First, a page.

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Pakistani student banned from travelling to US, speaks against injustice
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Pakistani student banned from travelling to US, speaks against injustice

Karachi-bound student Zia Hussain Syed, a student of University of Chicago, discovered that his entry back to the US had been blocked when he got to the airport on January 4, where he was unexpectedly stopped at the Karachi airport.

The officials didn’t let him pass and said “We cannot let you go,” they also said that they had received a confidential email instructing them not to let him pass.

Shah while talking about the incident, said:

“I had just returned with one suitcase not knowing this will happen. All my documents, souvenirs are there,” he said, while he added and said that he is also learning to cope with living without all his belongings.

Soon after this incident, Trump’s administration had announced to ban seven Muslim countries, excluding Pakistan. It is still unclear why Shah’s entry was barred.

He said that he had returned to Karachi in December last year for winter vacations, after completing his first semester at the University of Chicago. But he had not idea that within a month his life would change, and that too, this drastically.

Syed has been pursing his career in Islamic Studies from University of Chicago. He has also taken courses and learned Persian and Arabic, and also focusing on Early Islamic Mysticism.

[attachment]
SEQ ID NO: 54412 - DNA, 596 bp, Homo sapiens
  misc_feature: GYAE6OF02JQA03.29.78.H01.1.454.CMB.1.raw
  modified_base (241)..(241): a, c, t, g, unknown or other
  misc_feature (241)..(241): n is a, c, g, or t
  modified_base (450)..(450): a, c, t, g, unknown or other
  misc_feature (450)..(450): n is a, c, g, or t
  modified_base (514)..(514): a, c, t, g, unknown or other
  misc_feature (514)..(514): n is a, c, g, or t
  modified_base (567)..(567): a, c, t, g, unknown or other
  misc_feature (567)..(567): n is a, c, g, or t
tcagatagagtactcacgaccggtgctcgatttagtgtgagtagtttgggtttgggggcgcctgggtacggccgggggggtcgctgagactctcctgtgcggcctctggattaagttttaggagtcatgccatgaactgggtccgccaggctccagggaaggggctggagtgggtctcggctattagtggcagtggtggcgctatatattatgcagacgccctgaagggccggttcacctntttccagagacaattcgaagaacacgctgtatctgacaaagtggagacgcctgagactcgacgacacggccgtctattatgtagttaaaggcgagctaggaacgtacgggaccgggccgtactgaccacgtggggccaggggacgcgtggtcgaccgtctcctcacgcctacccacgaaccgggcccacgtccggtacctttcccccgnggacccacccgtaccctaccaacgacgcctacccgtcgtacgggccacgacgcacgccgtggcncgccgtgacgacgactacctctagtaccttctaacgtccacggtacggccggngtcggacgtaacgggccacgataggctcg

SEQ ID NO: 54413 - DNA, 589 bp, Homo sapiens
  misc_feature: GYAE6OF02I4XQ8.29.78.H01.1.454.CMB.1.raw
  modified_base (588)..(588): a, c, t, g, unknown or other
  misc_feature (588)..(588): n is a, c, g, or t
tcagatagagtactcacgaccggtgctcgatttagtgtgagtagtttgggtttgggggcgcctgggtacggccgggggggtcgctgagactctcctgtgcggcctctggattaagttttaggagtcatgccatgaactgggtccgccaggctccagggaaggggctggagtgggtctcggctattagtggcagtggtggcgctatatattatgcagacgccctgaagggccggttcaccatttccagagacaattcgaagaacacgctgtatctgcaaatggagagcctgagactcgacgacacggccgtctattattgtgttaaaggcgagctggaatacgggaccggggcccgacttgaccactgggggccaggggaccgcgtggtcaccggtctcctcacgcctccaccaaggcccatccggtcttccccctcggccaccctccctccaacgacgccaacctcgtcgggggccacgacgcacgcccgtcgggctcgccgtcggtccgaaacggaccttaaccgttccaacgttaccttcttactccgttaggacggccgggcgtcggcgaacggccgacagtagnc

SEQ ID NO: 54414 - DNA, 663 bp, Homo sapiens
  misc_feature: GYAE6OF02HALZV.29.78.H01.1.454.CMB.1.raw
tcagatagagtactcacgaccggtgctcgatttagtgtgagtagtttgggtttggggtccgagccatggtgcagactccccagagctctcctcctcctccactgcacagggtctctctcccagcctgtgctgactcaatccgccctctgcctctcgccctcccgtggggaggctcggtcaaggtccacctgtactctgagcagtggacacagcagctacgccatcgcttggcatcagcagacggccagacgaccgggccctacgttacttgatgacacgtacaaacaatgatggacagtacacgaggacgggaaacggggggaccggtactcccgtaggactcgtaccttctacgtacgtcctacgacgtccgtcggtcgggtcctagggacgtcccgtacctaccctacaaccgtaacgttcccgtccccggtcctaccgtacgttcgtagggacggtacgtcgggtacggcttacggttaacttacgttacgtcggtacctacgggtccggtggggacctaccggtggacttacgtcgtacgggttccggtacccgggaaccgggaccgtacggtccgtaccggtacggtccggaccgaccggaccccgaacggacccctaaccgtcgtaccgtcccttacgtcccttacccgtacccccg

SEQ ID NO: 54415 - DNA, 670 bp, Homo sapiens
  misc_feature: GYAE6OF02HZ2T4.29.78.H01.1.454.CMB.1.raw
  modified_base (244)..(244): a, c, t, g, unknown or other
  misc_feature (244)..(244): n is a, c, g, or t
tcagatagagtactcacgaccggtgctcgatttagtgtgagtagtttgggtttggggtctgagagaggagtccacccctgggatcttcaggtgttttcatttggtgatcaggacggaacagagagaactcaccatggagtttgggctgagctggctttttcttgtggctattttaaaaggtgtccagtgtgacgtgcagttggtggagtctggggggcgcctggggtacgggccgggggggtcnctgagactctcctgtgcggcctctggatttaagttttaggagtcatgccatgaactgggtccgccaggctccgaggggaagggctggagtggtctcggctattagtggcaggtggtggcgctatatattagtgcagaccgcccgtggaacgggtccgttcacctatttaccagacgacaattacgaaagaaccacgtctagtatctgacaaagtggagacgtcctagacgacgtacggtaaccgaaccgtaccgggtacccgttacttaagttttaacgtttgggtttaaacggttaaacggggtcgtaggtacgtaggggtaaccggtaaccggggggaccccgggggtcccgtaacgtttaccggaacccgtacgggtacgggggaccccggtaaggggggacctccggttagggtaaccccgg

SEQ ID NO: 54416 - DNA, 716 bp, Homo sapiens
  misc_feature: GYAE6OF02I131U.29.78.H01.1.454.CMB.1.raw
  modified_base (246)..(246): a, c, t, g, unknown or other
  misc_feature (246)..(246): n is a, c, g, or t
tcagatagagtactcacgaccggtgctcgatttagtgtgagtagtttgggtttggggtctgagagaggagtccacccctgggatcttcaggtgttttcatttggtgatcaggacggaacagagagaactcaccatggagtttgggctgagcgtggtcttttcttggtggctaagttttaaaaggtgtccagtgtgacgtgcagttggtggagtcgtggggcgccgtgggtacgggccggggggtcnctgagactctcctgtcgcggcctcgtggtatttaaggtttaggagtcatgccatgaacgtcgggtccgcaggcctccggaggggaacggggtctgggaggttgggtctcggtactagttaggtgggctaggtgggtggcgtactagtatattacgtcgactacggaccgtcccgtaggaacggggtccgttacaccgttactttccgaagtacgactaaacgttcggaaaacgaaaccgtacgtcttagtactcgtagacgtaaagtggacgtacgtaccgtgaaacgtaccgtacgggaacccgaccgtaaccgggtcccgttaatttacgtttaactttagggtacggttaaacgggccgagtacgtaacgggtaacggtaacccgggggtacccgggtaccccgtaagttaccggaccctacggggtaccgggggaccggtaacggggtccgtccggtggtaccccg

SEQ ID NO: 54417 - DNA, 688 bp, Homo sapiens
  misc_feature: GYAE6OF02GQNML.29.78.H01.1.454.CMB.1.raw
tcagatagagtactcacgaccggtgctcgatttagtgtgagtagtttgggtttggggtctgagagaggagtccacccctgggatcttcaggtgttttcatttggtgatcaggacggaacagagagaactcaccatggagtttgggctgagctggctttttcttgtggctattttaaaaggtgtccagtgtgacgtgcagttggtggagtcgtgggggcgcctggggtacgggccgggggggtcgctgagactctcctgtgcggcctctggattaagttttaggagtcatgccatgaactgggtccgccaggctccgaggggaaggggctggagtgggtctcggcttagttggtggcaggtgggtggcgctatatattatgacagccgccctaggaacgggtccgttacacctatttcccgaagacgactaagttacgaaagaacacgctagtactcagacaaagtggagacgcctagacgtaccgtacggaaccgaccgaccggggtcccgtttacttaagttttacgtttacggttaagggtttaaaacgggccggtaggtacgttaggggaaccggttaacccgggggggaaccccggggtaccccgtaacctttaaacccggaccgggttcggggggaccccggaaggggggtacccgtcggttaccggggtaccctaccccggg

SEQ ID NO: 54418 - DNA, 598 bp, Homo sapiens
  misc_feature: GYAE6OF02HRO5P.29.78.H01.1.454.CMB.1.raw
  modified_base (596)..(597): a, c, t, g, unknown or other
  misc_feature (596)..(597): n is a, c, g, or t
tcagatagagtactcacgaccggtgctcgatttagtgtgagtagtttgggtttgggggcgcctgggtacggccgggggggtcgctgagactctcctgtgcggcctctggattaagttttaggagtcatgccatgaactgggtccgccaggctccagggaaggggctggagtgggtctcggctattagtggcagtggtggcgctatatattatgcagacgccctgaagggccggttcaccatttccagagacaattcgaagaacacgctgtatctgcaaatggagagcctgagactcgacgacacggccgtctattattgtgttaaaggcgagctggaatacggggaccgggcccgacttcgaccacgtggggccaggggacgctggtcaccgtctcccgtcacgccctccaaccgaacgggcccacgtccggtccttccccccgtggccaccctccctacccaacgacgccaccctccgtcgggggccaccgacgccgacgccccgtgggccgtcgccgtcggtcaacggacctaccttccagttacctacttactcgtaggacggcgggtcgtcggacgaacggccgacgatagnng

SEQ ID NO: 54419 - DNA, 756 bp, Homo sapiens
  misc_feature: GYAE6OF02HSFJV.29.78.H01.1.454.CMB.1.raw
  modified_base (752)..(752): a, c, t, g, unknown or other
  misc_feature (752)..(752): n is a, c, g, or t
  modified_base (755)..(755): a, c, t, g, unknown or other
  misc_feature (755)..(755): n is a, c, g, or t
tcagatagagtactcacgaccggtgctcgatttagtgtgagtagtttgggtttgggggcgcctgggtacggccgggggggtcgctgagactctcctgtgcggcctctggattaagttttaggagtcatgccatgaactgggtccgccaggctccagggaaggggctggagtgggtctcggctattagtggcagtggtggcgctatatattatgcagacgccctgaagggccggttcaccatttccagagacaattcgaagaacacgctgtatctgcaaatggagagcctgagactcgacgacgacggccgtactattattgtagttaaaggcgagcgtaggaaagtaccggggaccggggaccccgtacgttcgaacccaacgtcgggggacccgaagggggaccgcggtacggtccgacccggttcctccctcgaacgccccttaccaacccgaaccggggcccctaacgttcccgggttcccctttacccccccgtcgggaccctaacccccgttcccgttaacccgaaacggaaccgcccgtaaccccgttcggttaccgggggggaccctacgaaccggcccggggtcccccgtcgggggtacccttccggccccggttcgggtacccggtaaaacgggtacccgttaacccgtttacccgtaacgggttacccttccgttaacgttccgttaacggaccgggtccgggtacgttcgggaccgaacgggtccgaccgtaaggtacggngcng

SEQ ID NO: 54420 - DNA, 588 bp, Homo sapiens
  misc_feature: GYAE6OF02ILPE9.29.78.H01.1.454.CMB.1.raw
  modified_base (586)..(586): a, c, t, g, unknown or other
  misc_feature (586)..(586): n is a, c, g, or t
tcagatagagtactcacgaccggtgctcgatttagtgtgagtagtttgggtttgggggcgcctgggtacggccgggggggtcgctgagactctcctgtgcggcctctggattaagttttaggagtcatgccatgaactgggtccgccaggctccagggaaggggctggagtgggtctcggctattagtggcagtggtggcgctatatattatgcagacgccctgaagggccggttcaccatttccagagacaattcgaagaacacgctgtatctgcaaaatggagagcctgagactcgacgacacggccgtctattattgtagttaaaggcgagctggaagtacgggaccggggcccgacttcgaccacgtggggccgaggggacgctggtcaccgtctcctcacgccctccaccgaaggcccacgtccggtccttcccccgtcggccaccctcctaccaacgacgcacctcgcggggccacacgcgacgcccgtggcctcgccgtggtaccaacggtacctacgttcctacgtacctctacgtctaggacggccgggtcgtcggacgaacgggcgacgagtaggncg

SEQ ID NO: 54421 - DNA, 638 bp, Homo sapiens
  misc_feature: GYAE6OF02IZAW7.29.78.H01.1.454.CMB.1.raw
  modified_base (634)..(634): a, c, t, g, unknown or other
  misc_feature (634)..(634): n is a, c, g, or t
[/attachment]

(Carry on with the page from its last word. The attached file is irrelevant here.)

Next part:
He is also a co-founder of Ravvish, a project that endeavors to build peace between different religions.

While discussing this matter, Syed said that in his university, students had to write reflection papers but he did not follow the practice, however, his friends encouraged him to start writing reflections papers again.

“When I opened my reflection paper, I found the word ‘Patience’ written on it,” The word was enough to remind him of the Sufi path he has chosen to take. A Sufi’s path is riddled with pain, he said.

“I don’t want to blame anyone or hold anyone responsible for this.”

However, through this incident he wants to raise awareness about the importance of speaking about the injustice.

em>“I want all the people who have dealt with injustice to raise their voice. One decision can have a lasting impact on others’ lives. Authorities with decision making powers should realise that one decision can affect someone’s life, career, family among others.”

As for his future plans, he is going to wait till September and apply for visa once again. However, if that does not pan out then he hopes to go to UK for further studies.

Sadly, many UK universities do not take transfer credits, he remarked, adding that he will again have to apply to universities from scratch.

“In the meantime, I have settled in Karachi at my family home and started working for The Citizens Foundation. I hope to start working with students and teachers in interior Sindh near my hometown in Thatta over the summers under Ravvish,” he shared in a Facebook post.

“There is still hope that things will sort out soon and I will continue my education. If not, indeed God’s plans are better than ours,” he added.

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